GP3/A connected to an Arduino (note: screw terminals included in kit not installed in this picture; Arduino not included)

The GP-3 has always been a great way to add real-world I/O to your PC, but now you can bring that same power to the Arduino. Although you can use any GP-3 board with an Arduino, you don't need the components required for connection to a PC. This kit has just what you need to connect the GP-3 to an Arduino (or other 5V TTL-level serial device). Note: Also available in a 3.3V version.

The GP-3 has an impressive slate of features including:

  • 8 general purpose I/O lines (digital input/output with special features like PWM or pulse output)
  • 5 10-bit A/D inputs (separate from digital pins)
  • 1 hardware PWM output (operates continuously)
  • 1 hardware counter input (operates continuously)
  • 1 LED under software control
  • EEPROM for storing configuration or serial numbers (256 bytes)
  • Arduino library can be used with SoftwareSerial library or any compatible library (such as AltSerial). Download   Documentation (included in download)

Simply connect 4 wires (power, ground, RX, and TX) between your Arduino and the GP3/A and you'll have unmatched real world I/O capability using a time-proven and efficient board. The simple library will have you up and running in no time.

For more details, read the main GP3 page or read the manual.

What resources are available?

You can find all the software and documentation for the GP-3 in the GP-3 Center.

Example Code

This simple example flashes an LED and reads an analog input from the GP3:

#include <SoftwareSerial.h>
#include <GP3.h>

/* Example program for GP3 Control with Arduinio
 * Al Wiliams --
 * Example V1.0 for use with library V1.0
/* The GP3 library uses SoftwareSerial by default so you need to include it
   However, you can initialize it with a stream if you prefer so you should
   be able to use Serial1 or AltSoftSerial, etc. 

GP3 gp3(8,12);   // initialize soft serial

/* In the setup, 
   Set up the serial port for debugging messages
   Go ahead and reset the GP3 board and do a check to see if it 
   is alive.
void setup() {
  Serial.begin(57600); // debugging port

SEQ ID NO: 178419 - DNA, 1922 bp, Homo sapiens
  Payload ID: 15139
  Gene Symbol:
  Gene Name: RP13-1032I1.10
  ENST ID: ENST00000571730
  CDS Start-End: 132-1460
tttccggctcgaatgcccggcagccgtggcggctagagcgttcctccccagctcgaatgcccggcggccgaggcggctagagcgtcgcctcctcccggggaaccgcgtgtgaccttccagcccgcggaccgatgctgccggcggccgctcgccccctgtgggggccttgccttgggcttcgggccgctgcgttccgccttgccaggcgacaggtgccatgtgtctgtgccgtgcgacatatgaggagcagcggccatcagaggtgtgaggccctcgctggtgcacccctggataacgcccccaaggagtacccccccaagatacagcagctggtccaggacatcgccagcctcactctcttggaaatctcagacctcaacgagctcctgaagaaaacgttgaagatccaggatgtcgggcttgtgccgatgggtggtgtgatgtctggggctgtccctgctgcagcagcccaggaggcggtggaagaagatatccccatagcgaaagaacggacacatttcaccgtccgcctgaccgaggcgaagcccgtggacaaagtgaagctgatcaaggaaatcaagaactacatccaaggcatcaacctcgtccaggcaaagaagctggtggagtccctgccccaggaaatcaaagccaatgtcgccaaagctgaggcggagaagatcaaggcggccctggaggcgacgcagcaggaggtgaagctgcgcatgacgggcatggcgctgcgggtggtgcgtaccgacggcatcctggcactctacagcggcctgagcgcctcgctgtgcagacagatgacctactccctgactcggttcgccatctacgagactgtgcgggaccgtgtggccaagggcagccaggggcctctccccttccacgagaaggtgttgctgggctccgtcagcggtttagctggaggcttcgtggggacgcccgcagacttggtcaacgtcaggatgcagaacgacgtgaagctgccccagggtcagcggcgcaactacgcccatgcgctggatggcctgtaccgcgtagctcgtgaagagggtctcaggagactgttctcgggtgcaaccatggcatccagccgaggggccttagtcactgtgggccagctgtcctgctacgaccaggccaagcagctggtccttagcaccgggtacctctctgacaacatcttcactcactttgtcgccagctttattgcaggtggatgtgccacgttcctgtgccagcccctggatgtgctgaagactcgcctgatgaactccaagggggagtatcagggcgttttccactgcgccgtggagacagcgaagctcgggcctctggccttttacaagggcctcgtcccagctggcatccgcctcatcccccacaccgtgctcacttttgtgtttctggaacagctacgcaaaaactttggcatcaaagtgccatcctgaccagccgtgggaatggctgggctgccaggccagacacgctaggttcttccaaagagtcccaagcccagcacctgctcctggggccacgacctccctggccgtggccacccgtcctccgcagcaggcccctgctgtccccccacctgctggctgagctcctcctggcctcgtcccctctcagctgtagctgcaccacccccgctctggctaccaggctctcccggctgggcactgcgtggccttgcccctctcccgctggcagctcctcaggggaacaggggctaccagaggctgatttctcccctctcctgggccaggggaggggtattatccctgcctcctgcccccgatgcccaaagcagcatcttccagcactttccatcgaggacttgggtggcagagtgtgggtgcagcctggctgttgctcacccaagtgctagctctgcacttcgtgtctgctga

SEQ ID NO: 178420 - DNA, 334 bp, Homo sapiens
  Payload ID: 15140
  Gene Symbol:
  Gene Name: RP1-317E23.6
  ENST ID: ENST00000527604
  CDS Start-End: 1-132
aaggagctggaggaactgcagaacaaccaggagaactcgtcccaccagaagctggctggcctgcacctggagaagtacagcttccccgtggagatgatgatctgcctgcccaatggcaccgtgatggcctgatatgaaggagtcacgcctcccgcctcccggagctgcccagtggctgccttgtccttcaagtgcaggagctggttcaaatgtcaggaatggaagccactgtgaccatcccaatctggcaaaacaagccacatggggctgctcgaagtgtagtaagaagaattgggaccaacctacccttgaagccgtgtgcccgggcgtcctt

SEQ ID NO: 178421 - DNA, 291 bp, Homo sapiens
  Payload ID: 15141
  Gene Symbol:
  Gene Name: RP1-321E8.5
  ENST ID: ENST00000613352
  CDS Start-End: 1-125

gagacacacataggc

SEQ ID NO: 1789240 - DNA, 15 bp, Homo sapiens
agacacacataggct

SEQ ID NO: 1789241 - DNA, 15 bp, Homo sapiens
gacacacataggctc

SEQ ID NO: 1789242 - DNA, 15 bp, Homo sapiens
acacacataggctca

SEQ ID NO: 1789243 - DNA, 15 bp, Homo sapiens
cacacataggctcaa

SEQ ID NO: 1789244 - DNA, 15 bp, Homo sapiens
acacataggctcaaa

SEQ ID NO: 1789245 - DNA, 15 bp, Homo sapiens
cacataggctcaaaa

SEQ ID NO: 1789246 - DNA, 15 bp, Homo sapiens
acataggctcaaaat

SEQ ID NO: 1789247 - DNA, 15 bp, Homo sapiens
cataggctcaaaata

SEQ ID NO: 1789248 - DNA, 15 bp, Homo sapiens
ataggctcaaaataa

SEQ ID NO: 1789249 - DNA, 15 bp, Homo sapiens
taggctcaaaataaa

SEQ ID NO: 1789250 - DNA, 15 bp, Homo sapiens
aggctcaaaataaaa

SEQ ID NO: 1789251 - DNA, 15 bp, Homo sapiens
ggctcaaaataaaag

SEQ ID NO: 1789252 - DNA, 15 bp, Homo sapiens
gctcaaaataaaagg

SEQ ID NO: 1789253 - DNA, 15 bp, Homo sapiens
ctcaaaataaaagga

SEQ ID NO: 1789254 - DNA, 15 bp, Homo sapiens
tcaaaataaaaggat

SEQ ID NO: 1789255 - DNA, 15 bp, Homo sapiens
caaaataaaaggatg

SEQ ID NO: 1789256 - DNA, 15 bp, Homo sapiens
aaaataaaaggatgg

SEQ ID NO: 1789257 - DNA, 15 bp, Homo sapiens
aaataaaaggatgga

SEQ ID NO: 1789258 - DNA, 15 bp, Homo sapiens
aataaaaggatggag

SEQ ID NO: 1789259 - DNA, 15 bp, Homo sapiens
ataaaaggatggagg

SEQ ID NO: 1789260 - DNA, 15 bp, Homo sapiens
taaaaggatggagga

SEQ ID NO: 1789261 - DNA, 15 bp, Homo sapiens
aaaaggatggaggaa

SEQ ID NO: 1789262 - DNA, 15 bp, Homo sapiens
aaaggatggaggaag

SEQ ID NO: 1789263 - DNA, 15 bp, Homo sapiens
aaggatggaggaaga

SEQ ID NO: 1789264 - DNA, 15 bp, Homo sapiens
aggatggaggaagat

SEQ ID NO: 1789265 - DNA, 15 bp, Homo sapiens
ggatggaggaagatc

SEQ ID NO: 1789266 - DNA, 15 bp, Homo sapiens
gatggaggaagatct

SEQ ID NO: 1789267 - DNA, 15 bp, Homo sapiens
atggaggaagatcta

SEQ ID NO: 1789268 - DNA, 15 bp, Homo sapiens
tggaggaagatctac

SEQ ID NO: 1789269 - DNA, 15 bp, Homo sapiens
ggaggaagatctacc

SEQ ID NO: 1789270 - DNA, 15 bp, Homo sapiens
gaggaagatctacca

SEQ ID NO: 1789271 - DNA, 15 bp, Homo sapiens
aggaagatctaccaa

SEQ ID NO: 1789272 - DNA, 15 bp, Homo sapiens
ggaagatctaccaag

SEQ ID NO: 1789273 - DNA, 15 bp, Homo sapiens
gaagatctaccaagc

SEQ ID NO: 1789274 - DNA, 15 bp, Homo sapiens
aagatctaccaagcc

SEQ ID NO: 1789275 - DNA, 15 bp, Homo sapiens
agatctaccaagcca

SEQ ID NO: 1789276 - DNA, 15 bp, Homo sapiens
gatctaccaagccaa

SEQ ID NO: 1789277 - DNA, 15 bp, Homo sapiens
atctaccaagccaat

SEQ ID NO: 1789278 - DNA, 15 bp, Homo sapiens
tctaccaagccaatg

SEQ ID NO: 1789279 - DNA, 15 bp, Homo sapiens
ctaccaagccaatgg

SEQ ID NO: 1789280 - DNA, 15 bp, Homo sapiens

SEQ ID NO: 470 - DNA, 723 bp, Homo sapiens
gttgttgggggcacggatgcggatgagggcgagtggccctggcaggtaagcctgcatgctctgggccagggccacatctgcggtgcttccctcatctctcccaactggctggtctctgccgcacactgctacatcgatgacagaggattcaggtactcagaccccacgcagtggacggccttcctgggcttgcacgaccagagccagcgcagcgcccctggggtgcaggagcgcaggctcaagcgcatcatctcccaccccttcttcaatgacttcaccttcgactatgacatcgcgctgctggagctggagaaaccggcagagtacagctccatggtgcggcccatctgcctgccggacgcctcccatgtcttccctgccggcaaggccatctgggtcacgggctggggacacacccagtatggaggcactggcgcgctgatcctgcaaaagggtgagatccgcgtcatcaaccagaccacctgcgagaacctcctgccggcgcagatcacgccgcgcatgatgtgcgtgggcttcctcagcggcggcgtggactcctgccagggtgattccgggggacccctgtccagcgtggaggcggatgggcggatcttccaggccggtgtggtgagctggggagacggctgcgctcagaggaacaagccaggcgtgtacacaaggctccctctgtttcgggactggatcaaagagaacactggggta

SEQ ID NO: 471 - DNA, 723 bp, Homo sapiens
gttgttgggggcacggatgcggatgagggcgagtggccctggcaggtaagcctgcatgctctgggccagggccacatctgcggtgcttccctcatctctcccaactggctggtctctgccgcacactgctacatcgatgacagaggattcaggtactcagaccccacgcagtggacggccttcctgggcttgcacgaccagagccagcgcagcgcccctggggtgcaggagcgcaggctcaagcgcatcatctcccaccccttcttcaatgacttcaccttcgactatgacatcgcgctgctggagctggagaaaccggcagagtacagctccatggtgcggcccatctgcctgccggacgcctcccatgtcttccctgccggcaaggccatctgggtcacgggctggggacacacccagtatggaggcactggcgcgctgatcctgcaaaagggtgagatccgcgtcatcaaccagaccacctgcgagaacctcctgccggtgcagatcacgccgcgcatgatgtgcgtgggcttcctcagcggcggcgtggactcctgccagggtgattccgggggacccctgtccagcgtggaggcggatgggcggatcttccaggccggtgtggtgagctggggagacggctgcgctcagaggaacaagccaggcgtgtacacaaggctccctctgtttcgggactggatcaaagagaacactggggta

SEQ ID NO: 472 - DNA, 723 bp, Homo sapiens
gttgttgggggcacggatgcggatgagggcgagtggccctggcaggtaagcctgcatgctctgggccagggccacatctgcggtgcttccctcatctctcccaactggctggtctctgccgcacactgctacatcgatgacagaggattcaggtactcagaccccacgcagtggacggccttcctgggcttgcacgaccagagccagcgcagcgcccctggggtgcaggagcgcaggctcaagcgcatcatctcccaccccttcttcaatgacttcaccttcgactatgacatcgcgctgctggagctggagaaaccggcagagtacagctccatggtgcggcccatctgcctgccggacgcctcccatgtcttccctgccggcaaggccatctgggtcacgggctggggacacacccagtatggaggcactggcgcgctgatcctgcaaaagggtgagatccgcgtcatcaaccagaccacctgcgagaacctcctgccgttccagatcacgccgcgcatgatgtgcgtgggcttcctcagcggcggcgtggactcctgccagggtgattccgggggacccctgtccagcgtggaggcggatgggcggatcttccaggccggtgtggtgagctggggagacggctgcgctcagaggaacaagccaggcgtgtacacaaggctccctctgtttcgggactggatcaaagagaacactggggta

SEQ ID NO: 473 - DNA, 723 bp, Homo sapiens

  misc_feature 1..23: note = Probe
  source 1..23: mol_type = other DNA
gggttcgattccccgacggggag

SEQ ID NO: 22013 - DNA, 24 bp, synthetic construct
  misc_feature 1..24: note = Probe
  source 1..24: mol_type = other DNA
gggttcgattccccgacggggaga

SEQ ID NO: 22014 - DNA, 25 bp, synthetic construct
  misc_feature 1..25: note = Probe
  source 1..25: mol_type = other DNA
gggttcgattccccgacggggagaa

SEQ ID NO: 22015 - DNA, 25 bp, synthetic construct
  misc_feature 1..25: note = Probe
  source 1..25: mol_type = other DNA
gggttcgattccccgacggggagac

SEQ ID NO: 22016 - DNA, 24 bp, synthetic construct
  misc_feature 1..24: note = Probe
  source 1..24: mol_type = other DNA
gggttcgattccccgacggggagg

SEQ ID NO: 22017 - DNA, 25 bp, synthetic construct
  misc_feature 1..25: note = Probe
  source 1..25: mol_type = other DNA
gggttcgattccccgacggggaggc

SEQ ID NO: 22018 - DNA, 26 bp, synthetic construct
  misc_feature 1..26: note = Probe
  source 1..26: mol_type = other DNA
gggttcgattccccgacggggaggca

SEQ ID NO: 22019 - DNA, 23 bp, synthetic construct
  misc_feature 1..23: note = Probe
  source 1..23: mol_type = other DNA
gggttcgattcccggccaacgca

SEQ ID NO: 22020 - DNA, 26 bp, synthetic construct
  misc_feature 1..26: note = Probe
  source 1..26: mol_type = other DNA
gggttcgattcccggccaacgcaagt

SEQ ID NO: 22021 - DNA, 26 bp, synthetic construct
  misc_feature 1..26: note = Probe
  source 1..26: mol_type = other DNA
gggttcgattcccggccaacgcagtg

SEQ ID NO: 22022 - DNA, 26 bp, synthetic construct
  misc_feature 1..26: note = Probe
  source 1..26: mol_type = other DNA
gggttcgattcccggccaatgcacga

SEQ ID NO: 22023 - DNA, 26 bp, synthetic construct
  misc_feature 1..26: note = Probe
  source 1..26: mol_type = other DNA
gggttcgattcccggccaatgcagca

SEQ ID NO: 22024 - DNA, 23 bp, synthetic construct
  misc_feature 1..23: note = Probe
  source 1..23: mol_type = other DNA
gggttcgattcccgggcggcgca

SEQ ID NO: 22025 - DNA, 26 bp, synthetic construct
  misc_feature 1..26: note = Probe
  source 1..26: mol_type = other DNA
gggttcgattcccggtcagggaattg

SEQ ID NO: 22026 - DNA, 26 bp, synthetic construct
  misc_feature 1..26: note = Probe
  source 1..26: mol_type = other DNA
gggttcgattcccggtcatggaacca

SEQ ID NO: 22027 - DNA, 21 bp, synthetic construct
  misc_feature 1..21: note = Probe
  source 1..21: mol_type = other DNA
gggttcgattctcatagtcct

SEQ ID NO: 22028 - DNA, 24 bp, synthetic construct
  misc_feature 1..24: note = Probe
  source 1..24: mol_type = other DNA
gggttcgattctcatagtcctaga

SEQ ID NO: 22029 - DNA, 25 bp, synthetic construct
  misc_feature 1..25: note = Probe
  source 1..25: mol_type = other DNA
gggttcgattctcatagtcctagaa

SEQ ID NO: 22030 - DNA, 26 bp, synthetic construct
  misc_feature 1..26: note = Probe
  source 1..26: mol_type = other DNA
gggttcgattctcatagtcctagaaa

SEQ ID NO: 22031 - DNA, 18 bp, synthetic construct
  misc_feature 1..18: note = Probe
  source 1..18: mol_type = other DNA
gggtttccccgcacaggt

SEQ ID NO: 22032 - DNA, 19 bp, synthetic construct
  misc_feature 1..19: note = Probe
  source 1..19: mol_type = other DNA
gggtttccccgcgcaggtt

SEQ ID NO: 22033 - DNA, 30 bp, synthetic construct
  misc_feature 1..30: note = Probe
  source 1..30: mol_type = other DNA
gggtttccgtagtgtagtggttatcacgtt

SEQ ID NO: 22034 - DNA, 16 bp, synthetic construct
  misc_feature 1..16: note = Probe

if (gp3.check()!=51)
    Serial.println("Oh oh. Can't find GP3!");

// This does a test conversion and times it
// It is here because we want to do it twice
// inside loop
void conversion()
  int v;   // a2d value
  v=gp3.a2d();    // do a conversion
  Serial.print(" ");
  Serial.print("V ");


/* On each loop we are going to set the LED and 
   measure a voltage. This works out nice if you
   jumper the LED to the analog 0 input 
   We will also compute the time it takes to do 
   a conversion. */
void loop() {

  gp3.setLED(true);  // turn on LED
  gp3.setLED(false);  // now turn off

Additional Prototype Space

All the GP3 boards have pins on either .2" (GP-3X) or .1" (all others) spacing. You can easily connect these to prototype boards to get more space. We especially recommend using our PROTO1 board as "wings" (see photo above that shows two wings installed). You can add one to either side of the board or add two to maximize the space for custom circuitry. The hole pattern is handy (see photo) and will allow you to add ICs, relays, sensors, or anything else you need to use your GP3. If you plan to use wings, you'll probably want to order the board without screw terminals unless you intend to mount the screw terminals on the wings.

How do I get one?

Add to Cart GP-3/A complete kit (including screw terminals) $29.95SALE: $19.95

Add to Cart GP-3/A assembled (including screw terminals) $42.50

Add to Cart NEW! Prototype "wing" for additional prototyping space $4.99

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